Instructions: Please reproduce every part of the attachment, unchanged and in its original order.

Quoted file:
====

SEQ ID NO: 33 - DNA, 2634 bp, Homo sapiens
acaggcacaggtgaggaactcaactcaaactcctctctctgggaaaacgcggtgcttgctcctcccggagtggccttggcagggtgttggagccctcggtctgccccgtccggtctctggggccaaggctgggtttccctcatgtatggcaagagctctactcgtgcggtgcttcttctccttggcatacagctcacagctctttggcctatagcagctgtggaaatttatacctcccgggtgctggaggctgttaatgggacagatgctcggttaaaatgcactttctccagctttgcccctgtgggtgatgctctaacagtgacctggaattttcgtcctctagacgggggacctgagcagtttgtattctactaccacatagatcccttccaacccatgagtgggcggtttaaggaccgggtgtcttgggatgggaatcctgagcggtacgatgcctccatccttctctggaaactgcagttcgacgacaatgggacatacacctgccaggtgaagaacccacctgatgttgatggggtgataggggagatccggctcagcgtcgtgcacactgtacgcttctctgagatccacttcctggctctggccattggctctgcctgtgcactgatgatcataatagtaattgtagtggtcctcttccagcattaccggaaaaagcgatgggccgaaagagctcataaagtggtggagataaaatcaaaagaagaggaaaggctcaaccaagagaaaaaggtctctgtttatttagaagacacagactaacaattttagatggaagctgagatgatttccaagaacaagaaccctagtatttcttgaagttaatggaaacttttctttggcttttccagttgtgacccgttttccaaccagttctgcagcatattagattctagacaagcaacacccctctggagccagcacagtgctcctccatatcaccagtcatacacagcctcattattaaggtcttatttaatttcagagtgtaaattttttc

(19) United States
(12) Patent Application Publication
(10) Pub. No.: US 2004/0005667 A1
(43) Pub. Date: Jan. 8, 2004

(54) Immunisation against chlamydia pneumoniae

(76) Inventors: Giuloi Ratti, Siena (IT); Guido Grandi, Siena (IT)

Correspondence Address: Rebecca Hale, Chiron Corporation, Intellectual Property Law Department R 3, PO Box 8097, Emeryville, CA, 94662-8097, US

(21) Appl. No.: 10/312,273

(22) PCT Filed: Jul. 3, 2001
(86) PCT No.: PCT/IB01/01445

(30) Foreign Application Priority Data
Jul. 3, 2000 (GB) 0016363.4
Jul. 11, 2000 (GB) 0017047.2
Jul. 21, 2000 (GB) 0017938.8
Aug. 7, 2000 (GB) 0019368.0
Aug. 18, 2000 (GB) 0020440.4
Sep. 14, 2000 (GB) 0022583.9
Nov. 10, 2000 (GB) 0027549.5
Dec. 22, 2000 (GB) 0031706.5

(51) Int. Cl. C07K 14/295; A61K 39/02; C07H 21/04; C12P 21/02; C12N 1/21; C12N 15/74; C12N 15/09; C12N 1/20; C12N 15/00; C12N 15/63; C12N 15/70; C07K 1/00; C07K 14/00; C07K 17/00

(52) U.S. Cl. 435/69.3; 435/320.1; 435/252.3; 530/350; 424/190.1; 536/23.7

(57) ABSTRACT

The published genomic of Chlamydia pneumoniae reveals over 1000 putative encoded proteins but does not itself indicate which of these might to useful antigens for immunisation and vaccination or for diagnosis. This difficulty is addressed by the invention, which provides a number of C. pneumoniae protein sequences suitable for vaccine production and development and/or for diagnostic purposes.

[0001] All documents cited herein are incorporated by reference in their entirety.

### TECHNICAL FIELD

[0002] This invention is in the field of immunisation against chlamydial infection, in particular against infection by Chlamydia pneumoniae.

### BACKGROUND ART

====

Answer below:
SEQ ID NO: 33 - DNA, 2634 bp, Homo sapiens
acaggcacaggtgaggaactcaactcaaactcctctctctgggaaaacgcggtgcttgctcctcccggagtggccttggcagggtgttggagccctcggtctgccccgtccggtctctggggccaaggctgggtttccctcatgtatggcaagagctctactcgtgcggtgcttcttctccttggcatacagctcacagctctttggcctatagcagctgtggaaatttatacctcccgggtgctggaggctgttaatgggacagatgctcggttaaaatgcactttctccagctttgcccctgtgggtgatgctctaacagtgacctggaattttcgtcctctagacgggggacctgagcagtttgtattctactaccacatagatcccttccaacccatgagtgggcggtttaaggaccgggtgtcttgggatgggaatcctgagcggtacgatgcctccatccttctctggaaactgcagttcgacgacaatgggacatacacctgccaggtgaagaacccacctgatgttgatggggtgataggggagatccggctcagcgtcgtgcacactgtacgcttctctgagatccacttcctggctctggccattggctctgcctgtgcactgatgatcataatagtaattgtagtggtcctcttccagcattaccggaaaaagcgatgggccgaaagagctcataaagtggtggagataaaatcaaaagaagaggaaaggctcaaccaagagaaaaaggtctctgtttatttagaagacacagactaacaattttagatggaagctgagatgatttccaagaacaagaaccctagtatttcttgaagttaatggaaacttttctttggcttttccagttgtgacccgttttccaaccagttctgcagcatattagattctagacaagcaacacccctctggagccagcacagtgctcctccatatcaccagtcatacacagcctcattattaaggtcttatttaatttcagagtgtaaattttttc

(19) United States
(12) Patent Application Publication
(10) Pub. No.: US 2004/0005667 A1
(43) Pub. Date: Jan. 8, 2004

(54) Immunisation against chlamydia pneumoniae

(76) Inventors: Giuloi Ratti, Siena (IT); Guido Grandi, Siena (IT)

Correspondence Address: Rebecca Hale, Chiron Corporation, Intellectual Property Law Department R 3, PO Box 8097, Emeryville, CA, 94662-8097, US

(21) Appl. No.: 10/312,273

(22) PCT Filed: Jul. 3, 2001
(86) PCT No.: PCT/IB01/01445

(30) Foreign Application Priority Data
Jul. 3, 2000 (GB) 0016363.4
Jul. 11, 2000 (GB) 0017047.2
Jul. 21, 2000 (GB) 0017938.8
Aug. 7, 2000 (GB) 0019368.0
Aug. 18, 2000 (GB) 0020440.4
Sep. 14, 2000 (GB) 0022583.9
Nov. 10, 2000 (GB) 0027549.5
Dec. 22, 2000 (GB) 0031706.5

(51) Int. Cl. C07K 14/295; A61K 39/02; C07H 21/04; C12P 21/02; C12N 1/21; C12N 15/74; C12N 15/09; C12N 1/20; C12N 15/00; C12N 15/63; C12N 15/70; C07K 1/00; C07K 14/00; C07K 17/00

(52) U.S. Cl. 435/69.3; 435/320.1; 435/252.3; 530/350; 424/190.1; 536/23.7

(57) ABSTRACT

The published genomic of Chlamydia pneumoniae reveals over 1000 putative encoded proteins but does not itself indicate which of these might to useful antigens for immunisation and vaccination or for diagnosis. This difficulty is addressed by the invention, which provides a number of C. pneumoniae protein sequences suitable for vaccine production and development and/or for diagnostic purposes.

[0001] All documents cited herein are incorporated by reference in their entirety.

### TECHNICAL FIELD

[0002] This invention is in the field of immunisation against chlamydial infection, in particular against infection by Chlamydia pneumoniae.

### BACKGROUND ART